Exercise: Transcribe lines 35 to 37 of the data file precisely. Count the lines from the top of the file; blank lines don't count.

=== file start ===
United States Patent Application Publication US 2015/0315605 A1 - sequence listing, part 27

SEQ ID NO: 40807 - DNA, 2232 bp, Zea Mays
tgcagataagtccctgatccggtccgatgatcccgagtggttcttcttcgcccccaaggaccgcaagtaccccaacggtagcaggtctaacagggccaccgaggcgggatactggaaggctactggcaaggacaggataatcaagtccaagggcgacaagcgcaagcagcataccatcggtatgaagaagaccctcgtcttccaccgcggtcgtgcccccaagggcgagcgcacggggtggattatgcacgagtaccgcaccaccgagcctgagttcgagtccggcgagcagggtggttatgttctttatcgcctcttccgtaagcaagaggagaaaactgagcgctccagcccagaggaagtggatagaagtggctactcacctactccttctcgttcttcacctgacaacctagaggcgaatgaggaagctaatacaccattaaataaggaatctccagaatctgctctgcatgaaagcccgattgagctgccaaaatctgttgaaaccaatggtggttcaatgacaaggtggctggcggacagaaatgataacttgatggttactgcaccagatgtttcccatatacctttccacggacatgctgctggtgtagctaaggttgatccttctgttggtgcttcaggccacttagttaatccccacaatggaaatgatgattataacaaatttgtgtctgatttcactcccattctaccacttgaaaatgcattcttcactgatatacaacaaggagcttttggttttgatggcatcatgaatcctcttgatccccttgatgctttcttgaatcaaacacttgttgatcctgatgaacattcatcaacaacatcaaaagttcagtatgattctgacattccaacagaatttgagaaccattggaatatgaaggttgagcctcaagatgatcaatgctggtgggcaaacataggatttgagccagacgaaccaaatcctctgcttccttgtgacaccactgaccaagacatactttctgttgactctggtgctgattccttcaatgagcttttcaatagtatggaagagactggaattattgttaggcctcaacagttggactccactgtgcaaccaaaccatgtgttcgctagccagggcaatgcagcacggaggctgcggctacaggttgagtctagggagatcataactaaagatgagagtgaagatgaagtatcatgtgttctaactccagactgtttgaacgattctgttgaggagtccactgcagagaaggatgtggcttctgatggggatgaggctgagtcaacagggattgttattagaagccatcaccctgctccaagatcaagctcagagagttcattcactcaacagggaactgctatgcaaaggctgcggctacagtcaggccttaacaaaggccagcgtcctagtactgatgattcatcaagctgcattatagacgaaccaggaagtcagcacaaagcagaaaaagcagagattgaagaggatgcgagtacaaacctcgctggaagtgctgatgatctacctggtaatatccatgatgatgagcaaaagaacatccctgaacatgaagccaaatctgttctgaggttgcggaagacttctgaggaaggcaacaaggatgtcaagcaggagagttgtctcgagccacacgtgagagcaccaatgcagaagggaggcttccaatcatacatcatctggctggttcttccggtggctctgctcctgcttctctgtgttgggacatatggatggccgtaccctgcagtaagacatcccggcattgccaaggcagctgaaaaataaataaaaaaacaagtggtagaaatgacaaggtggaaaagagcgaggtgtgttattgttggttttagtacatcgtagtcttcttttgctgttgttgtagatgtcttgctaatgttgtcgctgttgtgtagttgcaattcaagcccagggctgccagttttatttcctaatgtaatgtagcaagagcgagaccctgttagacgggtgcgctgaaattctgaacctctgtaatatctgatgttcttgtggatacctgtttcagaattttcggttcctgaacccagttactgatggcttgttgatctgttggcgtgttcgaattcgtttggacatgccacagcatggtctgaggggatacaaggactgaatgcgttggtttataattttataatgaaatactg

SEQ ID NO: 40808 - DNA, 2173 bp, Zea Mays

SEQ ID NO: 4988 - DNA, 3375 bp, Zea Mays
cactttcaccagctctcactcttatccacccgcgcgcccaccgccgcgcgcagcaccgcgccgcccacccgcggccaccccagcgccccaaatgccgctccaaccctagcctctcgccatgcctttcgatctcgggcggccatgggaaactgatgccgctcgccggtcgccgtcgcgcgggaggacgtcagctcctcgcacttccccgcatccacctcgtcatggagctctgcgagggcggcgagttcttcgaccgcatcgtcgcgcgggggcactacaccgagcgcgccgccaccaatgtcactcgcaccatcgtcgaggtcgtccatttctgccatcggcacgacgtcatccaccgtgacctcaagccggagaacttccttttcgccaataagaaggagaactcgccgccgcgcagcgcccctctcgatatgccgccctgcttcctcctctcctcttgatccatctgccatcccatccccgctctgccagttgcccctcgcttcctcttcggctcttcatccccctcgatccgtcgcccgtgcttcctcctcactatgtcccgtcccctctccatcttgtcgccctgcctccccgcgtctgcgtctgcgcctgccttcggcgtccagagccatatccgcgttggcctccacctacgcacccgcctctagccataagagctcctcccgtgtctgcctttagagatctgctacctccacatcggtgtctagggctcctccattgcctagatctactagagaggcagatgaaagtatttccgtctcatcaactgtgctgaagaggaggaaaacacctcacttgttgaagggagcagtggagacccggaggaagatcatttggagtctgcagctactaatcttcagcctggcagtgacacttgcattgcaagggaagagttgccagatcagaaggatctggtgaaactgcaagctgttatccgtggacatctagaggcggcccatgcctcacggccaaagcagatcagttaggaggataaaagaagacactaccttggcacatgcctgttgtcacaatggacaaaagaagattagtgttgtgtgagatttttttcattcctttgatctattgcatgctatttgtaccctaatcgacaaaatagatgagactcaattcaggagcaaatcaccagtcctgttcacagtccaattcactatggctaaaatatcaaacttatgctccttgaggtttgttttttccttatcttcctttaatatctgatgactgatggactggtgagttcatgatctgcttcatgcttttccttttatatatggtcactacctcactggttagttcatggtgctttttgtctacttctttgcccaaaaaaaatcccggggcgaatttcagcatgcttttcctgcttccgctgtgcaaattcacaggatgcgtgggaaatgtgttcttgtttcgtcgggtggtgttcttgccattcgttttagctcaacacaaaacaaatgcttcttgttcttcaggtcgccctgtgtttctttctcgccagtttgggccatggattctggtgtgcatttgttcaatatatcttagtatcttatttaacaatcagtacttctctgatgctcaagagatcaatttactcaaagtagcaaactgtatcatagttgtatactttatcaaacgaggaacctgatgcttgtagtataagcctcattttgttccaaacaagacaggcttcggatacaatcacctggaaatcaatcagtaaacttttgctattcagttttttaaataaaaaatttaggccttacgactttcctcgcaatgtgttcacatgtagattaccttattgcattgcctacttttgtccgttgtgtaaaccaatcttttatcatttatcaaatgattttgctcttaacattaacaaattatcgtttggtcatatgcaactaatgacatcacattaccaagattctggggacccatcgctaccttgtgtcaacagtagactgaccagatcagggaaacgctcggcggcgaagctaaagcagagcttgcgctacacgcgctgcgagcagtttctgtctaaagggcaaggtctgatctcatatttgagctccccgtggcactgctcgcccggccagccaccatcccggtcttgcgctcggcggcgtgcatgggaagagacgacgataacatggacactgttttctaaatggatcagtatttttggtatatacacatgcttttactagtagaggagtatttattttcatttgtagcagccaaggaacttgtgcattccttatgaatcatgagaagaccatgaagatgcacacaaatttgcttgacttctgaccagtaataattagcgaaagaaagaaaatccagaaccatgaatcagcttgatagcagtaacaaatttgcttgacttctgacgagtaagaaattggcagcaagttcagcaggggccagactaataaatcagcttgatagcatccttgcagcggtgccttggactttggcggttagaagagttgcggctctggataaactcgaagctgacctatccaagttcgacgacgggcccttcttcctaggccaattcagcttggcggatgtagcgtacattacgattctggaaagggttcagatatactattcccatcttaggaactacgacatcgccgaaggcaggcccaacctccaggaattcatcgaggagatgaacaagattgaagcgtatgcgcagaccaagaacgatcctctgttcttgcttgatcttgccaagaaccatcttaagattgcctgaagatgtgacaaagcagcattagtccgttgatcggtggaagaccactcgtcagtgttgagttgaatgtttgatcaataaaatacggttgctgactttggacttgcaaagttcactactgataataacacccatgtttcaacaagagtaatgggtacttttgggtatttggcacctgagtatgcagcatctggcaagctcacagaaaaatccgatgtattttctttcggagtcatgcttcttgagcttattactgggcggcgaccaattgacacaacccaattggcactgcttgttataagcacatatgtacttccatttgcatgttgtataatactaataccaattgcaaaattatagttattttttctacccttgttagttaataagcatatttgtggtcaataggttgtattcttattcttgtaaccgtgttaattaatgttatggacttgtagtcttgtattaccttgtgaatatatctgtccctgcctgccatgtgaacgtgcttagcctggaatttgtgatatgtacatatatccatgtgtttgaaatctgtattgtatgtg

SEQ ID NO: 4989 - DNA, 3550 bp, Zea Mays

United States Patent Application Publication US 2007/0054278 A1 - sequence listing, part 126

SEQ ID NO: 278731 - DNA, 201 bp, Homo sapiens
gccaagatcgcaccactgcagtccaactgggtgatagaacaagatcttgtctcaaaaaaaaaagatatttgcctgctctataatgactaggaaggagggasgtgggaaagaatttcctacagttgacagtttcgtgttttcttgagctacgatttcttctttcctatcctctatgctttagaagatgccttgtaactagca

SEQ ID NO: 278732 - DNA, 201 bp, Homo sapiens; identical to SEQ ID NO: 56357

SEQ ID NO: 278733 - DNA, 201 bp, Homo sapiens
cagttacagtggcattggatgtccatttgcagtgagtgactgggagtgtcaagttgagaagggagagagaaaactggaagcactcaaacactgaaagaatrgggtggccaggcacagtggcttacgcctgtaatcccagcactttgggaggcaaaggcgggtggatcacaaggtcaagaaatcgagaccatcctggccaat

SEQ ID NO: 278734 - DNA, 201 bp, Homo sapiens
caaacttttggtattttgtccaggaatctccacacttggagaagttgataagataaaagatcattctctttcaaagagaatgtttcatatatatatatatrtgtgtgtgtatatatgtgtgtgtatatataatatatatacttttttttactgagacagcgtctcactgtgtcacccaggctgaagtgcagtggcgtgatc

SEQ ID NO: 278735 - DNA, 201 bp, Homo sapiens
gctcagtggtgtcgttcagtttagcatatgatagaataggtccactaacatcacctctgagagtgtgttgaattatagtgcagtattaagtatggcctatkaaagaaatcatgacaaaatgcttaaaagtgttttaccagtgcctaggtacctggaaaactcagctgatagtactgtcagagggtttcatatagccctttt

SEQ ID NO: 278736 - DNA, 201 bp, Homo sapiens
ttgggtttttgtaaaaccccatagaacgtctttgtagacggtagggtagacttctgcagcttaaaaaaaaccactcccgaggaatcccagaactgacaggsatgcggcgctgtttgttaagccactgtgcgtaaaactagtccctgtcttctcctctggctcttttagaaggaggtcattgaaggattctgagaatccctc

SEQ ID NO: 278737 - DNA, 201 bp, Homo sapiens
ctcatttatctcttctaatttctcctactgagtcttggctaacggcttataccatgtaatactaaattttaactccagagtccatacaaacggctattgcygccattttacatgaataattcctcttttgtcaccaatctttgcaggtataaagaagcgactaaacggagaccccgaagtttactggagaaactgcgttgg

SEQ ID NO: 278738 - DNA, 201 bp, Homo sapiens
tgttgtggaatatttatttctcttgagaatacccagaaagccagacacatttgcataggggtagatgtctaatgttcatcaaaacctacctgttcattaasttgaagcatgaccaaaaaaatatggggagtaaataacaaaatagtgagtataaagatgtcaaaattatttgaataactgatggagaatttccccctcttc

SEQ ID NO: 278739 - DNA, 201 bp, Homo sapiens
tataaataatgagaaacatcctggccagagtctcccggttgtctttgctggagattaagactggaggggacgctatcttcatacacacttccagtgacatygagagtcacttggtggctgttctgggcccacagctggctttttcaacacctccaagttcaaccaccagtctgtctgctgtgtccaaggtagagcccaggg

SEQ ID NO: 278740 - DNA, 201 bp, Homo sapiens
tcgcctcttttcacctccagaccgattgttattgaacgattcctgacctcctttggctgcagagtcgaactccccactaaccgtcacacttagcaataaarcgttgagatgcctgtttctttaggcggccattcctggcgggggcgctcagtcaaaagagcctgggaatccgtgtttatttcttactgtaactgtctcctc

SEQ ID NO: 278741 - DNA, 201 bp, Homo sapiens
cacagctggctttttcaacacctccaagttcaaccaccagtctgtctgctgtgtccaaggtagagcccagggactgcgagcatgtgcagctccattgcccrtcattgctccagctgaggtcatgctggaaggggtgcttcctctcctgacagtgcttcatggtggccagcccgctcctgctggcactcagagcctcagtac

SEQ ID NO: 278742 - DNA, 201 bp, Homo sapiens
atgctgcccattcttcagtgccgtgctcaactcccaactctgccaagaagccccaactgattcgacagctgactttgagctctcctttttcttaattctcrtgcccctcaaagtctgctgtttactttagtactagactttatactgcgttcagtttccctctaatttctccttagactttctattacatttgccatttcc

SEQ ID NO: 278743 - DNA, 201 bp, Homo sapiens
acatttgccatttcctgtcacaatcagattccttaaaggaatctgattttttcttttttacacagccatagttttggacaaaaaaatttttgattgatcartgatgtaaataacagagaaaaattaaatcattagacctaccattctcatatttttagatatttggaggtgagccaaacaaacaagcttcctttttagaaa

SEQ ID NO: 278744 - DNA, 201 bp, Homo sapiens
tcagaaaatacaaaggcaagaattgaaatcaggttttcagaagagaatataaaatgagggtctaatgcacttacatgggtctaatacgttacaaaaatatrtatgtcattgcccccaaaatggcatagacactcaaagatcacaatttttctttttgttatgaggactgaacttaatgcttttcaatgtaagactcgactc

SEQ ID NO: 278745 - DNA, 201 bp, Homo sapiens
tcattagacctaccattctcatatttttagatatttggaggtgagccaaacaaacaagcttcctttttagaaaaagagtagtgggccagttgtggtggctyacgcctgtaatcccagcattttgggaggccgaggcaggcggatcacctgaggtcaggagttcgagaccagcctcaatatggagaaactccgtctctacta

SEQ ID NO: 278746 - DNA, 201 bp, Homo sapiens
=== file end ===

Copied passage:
tcagaaaatacaaaggcaagaattgaaatcaggttttcagaagagaatataaaatgagggtctaatgcacttacatgggtctaatacgttacaaaaatatrtatgtcattgcccccaaaatggcatagacactcaaagatcacaatttttctttttgttatgaggactgaacttaatgcttttcaatgtaagactcgactc

SEQ ID NO: 278745 - DNA, 201 bp, Homo sapiens
tcattagacctaccattctcatatttttagatatttggaggtgagccaaacaaacaagcttcctttttagaaaaagagtagtgggccagttgtggtggctyacgcctgtaatcccagcattttgggaggccgaggcaggcggatcacctgaggtcaggagttcgagaccagcctcaatatggagaaactccgtctctacta